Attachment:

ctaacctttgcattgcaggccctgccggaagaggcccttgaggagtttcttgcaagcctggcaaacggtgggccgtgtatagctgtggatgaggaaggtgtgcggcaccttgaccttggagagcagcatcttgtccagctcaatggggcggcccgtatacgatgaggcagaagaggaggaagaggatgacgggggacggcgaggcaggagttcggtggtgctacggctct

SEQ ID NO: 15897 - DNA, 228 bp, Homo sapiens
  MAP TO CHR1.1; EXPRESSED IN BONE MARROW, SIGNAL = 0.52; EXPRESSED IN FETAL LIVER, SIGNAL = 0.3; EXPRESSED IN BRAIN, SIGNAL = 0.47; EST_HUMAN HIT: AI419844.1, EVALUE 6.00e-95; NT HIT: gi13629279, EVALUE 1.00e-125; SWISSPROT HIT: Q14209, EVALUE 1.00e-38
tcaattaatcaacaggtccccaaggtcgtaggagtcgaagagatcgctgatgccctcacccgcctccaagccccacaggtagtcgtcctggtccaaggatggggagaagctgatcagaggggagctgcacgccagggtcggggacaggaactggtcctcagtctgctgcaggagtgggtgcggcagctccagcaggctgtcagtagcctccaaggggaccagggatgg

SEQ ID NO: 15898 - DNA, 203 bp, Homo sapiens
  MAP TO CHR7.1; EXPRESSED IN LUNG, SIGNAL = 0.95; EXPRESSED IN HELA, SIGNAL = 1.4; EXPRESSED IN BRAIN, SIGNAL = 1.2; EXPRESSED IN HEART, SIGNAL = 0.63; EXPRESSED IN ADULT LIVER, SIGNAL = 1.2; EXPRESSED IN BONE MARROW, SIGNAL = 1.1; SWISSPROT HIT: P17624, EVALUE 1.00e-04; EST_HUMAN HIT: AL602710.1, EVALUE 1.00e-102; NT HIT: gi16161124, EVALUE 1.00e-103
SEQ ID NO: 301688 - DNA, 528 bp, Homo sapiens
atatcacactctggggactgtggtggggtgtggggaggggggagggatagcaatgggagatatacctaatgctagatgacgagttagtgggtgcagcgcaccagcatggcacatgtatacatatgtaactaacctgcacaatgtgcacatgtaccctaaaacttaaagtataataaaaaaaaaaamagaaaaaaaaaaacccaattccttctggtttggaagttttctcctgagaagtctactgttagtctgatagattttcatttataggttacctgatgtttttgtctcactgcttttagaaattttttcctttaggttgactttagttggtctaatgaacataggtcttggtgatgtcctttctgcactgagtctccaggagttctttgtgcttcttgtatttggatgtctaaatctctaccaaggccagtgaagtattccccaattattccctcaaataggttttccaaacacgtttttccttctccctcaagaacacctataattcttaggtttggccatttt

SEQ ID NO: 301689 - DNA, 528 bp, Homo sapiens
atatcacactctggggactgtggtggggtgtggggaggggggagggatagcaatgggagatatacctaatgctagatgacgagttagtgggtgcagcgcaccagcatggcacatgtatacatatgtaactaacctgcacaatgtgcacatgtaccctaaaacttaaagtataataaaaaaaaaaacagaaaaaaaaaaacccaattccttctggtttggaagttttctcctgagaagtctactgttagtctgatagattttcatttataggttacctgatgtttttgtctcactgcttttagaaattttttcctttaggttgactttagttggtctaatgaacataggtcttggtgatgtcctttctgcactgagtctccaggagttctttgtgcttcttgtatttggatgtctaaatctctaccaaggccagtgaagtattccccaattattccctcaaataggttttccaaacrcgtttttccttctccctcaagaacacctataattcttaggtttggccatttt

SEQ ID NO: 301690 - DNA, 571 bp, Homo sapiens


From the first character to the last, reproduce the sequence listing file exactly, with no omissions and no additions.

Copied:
ctaacctttgcattgcaggccctgccggaagaggcccttgaggagtttcttgcaagcctggcaaacggtgggccgtgtatagctgtggatgaggaaggtgtgcggcaccttgaccttggagagcagcatcttgtccagctcaatggggcggcccgtatacgatgaggcagaagaggaggaagaggatgacgggggacggcgaggcaggagttcggtggtgctacggctct

SEQ ID NO: 15897 - DNA, 228 bp, Homo sapiens
  MAP TO CHR1.1; EXPRESSED IN BONE MARROW, SIGNAL = 0.52; EXPRESSED IN FETAL LIVER, SIGNAL = 0.3; EXPRESSED IN BRAIN, SIGNAL = 0.47; EST_HUMAN HIT: AI419844.1, EVALUE 6.00e-95; NT HIT: gi13629279, EVALUE 1.00e-125; SWISSPROT HIT: Q14209, EVALUE 1.00e-38
tcaattaatcaacaggtccccaaggtcgtaggagtcgaagagatcgctgatgccctcacccgcctccaagccccacaggtagtcgtcctggtccaaggatggggagaagctgatcagaggggagctgcacgccagggtcggggacaggaactggtcctcagtctgctgcaggagtgggtgcggcagctccagcaggctgtcagtagcctccaaggggaccagggatgg

SEQ ID NO: 15898 - DNA, 203 bp, Homo sapiens
  MAP TO CHR7.1; EXPRESSED IN LUNG, SIGNAL = 0.95; EXPRESSED IN HELA, SIGNAL = 1.4; EXPRESSED IN BRAIN, SIGNAL = 1.2; EXPRESSED IN HEART, SIGNAL = 0.63; EXPRESSED IN ADULT LIVER, SIGNAL = 1.2; EXPRESSED IN BONE MARROW, SIGNAL = 1.1; SWISSPROT HIT: P17624, EVALUE 1.00e-04; EST_HUMAN HIT: AL602710.1, EVALUE 1.00e-102; NT HIT: gi16161124, EVALUE 1.00e-103
SEQ ID NO: 301688 - DNA, 528 bp, Homo sapiens
atatcacactctggggactgtggtggggtgtggggaggggggagggatagcaatgggagatatacctaatgctagatgacgagttagtgggtgcagcgcaccagcatggcacatgtatacatatgtaactaacctgcacaatgtgcacatgtaccctaaaacttaaagtataataaaaaaaaaaamagaaaaaaaaaaacccaattccttctggtttggaagttttctcctgagaagtctactgttagtctgatagattttcatttataggttacctgatgtttttgtctcactgcttttagaaattttttcctttaggttgactttagttggtctaatgaacataggtcttggtgatgtcctttctgcactgagtctccaggagttctttgtgcttcttgtatttggatgtctaaatctctaccaaggccagtgaagtattccccaattattccctcaaataggttttccaaacacgtttttccttctccctcaagaacacctataattcttaggtttggccatttt

SEQ ID NO: 301689 - DNA, 528 bp, Homo sapiens
atatcacactctggggactgtggtggggtgtggggaggggggagggatagcaatgggagatatacctaatgctagatgacgagttagtgggtgcagcgcaccagcatggcacatgtatacatatgtaactaacctgcacaatgtgcacatgtaccctaaaacttaaagtataataaaaaaaaaaacagaaaaaaaaaaacccaattccttctggtttggaagttttctcctgagaagtctactgttagtctgatagattttcatttataggttacctgatgtttttgtctcactgcttttagaaattttttcctttaggttgactttagttggtctaatgaacataggtcttggtgatgtcctttctgcactgagtctccaggagttctttgtgcttcttgtatttggatgtctaaatctctaccaaggccagtgaagtattccccaattattccctcaaataggttttccaaacrcgtttttccttctccctcaagaacacctataattcttaggtttggccatttt

SEQ ID NO: 301690 - DNA, 571 bp, Homo sapiens